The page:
At first glance, the items in the title of this entry don't make any sense together - what could lowly grad students possibly have to do with the Nobel Prize?! But dig a little further and the connections become clear...
Yesterday, it was announced that a group of American scientists had received the Nobel Prize in medicine for their work on telomeres and their associated proteins. Telomeres are short, repetitive DNA sequences that bind different proteins and essentially acts like a protective lid or a cap for the chromosomal ends. As cells divide, telomeres become shorter - and when they become too short, the cell initiates its own death. Therefore, telomeres are of great interest to scientists studying the process of aging and also cancer. Drs. Elizabeth Blackburn and Jack Szostak were the first to discover telomeres, and Dr. Blackburn and her former graduate student, Dr. Carol Greider, identified the enzyme (telomerase) that makes new telomeres. All three were awarded with the Nobel Prize.
As a woman in science, this event was also notable because it was the first time that more than one woman had received the Nobel Prize. The pioneering research began in the late 1970s and 1980s, at a time where there were still few women in science. I especially enjoyed this quote in the CNN article:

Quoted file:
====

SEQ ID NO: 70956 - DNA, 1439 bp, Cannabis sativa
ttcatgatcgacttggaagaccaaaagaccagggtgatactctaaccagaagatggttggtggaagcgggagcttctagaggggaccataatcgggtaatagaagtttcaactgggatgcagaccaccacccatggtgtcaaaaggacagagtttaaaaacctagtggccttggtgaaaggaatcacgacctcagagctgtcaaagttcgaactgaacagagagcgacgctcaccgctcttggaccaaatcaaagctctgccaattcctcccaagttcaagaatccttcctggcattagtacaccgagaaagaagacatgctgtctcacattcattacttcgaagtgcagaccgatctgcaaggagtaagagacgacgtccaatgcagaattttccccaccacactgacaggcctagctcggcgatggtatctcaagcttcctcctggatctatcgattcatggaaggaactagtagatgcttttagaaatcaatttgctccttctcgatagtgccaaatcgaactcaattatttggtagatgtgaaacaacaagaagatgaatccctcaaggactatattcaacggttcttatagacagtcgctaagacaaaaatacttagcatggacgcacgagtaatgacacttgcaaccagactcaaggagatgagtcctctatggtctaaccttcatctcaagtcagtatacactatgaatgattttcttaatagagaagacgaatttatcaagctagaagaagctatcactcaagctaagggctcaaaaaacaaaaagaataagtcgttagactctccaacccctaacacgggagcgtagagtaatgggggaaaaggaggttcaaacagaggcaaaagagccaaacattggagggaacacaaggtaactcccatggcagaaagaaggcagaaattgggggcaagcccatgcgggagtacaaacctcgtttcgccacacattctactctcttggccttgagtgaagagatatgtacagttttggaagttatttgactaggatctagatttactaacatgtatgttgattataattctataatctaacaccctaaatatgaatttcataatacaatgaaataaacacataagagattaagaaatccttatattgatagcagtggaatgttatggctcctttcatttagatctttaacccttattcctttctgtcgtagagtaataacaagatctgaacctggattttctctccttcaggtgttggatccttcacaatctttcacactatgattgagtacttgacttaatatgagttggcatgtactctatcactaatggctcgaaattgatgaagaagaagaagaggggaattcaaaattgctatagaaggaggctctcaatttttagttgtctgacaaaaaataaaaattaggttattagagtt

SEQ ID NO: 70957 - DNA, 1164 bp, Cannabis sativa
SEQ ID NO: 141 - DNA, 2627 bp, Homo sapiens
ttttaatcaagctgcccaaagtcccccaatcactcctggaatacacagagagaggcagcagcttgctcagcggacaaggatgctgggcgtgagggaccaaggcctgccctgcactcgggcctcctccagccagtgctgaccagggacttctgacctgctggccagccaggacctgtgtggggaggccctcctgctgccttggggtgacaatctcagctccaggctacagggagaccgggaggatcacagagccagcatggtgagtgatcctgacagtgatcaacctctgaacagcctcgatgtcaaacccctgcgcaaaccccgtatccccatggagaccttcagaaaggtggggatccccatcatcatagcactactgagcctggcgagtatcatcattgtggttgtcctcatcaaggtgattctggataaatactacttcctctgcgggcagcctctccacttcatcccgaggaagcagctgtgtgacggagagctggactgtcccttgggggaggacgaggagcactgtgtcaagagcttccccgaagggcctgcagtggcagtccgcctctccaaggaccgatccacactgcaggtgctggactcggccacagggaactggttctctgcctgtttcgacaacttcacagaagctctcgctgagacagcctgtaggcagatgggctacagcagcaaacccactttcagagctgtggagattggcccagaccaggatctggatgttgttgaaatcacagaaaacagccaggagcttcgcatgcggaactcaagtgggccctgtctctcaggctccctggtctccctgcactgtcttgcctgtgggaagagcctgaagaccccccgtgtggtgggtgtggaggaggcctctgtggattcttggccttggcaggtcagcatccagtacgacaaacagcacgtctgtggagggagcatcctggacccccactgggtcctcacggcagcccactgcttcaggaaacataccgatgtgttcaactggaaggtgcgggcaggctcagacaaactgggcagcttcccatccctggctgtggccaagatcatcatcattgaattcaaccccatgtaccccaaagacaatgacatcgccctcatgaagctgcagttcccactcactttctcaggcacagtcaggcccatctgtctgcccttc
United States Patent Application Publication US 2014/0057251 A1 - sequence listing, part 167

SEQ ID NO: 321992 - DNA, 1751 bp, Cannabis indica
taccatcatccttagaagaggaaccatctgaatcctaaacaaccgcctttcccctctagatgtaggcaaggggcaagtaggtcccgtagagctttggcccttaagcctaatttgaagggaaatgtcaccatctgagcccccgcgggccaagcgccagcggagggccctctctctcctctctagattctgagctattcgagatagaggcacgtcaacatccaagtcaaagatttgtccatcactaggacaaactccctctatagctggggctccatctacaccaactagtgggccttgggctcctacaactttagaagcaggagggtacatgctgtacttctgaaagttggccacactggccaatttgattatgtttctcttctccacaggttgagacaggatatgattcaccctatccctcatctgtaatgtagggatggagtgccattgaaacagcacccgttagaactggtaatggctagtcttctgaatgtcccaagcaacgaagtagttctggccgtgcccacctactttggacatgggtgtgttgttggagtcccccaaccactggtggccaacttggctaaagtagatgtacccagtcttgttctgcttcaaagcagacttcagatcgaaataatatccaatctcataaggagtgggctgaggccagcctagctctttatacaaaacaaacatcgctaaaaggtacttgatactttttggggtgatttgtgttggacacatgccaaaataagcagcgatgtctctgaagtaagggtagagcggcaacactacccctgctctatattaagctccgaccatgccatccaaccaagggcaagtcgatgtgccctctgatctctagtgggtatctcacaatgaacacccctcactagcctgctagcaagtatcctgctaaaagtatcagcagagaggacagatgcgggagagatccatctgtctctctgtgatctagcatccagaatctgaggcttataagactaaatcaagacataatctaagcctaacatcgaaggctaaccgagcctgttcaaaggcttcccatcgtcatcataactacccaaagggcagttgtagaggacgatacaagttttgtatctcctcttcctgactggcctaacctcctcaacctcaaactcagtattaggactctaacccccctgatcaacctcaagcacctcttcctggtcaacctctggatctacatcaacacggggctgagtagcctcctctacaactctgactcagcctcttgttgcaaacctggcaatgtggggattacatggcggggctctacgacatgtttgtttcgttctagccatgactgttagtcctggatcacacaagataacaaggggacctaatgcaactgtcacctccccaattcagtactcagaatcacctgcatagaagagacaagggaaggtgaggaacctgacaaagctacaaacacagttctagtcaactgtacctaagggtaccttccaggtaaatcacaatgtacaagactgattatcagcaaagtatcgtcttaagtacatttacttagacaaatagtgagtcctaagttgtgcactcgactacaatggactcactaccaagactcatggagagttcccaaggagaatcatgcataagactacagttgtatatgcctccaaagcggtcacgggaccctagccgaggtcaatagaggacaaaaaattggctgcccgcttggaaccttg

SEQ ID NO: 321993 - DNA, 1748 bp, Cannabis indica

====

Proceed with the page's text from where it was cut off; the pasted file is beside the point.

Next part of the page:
She also said telomere research has a higher proportion of women than other fields because in its early days, the lead researchers brought women into the field. She called it a situation in which "you have someone that trains a lot of women and then there's a slight gravitation of women to work in the labs with other women."
She added, "I think actively promoting women in science is very important because the data has certainly shown that there has been an underrepresentation. And I think that the things that contribute to that are very many ... subtle, social kinds of things."
In regards to women's health, telomeres have been of great interest to those developing and practicing assisted reproductive technologies (ARTs). The chromosomes of a woman's eggs are capped by telomeres like any other cell. In a study looking at IVF success rates, it was shown that there was a positive correlation between successful pregnancy and telomere length. There may also be a link between telomeres and the age-related decline in a woman's fertility. For example, artificially shortening telomeres in mice led to chromosomal defects identical to those that occur in eggs from women of an older age. We have yet to see any therapeutic solutions come out of telomere research in a fertility context, but it is promising to know that scientists have gained a better understanding of why our eggs go "bad" as we get older. Perhaps soon, it won't be such a burden to delay childbirth (for those who desire biological children) for the sake of establishing our lives and careers before starting a family!